On a high-visibility corner at 2132 W. Main St., reviewer Ellie Basch finds a familiar favorite. We asked her to explain what keeps her coming back:
Rowland feels comfortable and lived in, and you can feel the care and passion of the owners in the air. It feels like a neighborhood restaurant that's been there forever, and the convivial atmosphere puts everyone at ease.
It's a tall order to occupy the former space of the one of the old Stella's, but Rowland is holding strong with its own charming mix of sophistication and approachable personality. The rickety chairs are gone, replaced by sleek, ergonomic wooden and metal numbers. The noise level is comfortably loud, and the crowd is decidedly Richmond — diverse and eclectic.
We always have good service at Rowland. Everyone helps out one another, covering all the tables. The food is artfully presented and flavorful. Bruce Rowland is a creative chef, drawing flavors from Southern, Asian and French cuisines. Virginia Rowland adds her South- and Central-American touches on the savory items, and her desserts are delectable with unfussy presentations, a home-sweet-home end to a meal there.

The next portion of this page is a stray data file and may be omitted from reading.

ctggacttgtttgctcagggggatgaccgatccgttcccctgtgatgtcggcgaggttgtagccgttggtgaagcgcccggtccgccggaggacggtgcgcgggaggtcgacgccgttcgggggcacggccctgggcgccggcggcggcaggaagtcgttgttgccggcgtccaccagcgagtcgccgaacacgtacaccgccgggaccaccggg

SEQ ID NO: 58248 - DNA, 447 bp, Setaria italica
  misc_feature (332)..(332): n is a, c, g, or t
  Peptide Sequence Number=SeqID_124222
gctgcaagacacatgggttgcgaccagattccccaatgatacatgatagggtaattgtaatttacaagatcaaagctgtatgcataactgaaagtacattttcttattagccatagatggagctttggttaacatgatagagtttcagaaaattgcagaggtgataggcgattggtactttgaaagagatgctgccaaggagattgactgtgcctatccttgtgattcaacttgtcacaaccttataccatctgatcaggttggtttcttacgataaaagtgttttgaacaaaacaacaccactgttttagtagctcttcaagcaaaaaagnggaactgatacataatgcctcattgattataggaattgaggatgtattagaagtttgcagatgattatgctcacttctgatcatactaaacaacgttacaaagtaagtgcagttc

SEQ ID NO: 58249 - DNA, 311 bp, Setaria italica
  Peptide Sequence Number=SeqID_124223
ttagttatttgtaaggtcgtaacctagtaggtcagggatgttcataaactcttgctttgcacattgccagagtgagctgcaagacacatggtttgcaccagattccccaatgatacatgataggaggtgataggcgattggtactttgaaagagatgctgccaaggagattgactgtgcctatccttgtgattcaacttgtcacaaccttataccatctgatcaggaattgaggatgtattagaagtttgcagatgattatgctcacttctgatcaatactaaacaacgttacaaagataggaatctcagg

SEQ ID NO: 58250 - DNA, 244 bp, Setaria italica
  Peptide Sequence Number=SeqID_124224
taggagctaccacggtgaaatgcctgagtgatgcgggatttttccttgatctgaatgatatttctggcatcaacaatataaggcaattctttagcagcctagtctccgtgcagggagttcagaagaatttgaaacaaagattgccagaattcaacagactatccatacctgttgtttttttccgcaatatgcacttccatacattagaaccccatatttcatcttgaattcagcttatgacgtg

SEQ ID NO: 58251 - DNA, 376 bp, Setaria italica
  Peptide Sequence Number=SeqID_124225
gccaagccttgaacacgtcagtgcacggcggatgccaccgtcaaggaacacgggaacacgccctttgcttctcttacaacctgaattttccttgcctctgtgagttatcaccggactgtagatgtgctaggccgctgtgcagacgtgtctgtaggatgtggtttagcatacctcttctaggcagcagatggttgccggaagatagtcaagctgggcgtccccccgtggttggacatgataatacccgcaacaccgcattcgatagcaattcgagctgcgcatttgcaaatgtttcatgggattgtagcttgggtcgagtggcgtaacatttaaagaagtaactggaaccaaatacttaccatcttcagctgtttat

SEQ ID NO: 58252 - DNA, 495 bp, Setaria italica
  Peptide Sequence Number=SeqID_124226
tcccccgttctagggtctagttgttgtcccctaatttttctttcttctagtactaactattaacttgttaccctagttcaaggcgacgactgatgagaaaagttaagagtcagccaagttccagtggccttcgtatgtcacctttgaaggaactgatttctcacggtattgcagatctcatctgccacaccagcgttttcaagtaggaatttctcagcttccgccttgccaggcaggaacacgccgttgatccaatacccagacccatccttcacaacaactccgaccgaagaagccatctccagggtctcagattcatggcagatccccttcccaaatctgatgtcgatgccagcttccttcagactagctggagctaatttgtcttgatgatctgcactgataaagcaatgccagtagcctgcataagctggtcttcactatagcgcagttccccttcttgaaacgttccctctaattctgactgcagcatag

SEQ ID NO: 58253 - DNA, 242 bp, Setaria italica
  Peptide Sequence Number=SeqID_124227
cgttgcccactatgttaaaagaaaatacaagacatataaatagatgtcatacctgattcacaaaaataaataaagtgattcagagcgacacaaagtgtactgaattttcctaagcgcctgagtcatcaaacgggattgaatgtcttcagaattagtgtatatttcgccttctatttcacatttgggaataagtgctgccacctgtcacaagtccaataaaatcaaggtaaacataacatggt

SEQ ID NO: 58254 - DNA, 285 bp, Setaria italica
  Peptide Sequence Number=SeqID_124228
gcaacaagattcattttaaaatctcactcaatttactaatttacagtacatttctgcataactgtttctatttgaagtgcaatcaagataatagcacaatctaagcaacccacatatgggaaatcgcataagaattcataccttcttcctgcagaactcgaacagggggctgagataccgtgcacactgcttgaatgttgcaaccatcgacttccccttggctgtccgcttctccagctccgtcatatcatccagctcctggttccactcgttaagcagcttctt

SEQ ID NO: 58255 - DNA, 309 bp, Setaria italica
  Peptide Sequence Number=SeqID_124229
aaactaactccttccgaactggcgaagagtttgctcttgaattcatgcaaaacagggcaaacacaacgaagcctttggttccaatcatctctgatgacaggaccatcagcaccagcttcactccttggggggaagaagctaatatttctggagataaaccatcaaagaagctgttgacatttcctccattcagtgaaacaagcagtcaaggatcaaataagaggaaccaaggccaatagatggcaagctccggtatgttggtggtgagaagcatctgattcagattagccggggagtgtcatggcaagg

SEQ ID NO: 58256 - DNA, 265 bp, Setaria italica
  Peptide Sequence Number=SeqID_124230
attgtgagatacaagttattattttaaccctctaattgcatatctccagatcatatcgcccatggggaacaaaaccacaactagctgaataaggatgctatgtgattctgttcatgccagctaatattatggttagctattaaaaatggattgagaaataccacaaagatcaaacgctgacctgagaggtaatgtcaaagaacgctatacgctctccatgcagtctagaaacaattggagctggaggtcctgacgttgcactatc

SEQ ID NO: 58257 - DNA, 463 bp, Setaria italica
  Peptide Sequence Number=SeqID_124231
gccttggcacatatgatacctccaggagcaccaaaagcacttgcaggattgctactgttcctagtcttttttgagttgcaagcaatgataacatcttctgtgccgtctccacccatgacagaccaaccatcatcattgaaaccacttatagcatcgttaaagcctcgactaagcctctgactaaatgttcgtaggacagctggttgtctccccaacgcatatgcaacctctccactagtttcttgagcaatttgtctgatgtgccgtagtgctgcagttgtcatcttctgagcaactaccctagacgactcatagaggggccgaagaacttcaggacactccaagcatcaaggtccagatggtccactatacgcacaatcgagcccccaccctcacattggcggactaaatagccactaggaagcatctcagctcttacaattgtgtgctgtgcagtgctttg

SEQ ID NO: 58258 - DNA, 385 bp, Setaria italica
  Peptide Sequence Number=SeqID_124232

Affection runs rampant for many other Richmond restaurants, and the Style reviewers give special acclaim to Magpie at 1301 W. Leigh St. for chef Owen Lane's originality and expertise with game; Stella's at 1012 Lafayette St. for phenomenal specials at dinner and popularity for a reason; Burger Bach at 10 S. Thompson St., for quality in concept and execution; Bistro Bobette at 1209 E. Cary St. for flawless French cuisine and fun at the bar; Secco at 2933 W. Cary St. for chef Tim Bereika's unfailingly creative menus; and dessert emporium Shyndigz at 5716 Patterson Ave. for outright decadence. They are among many other independents that deserve applause for keeping Richmond well-fed.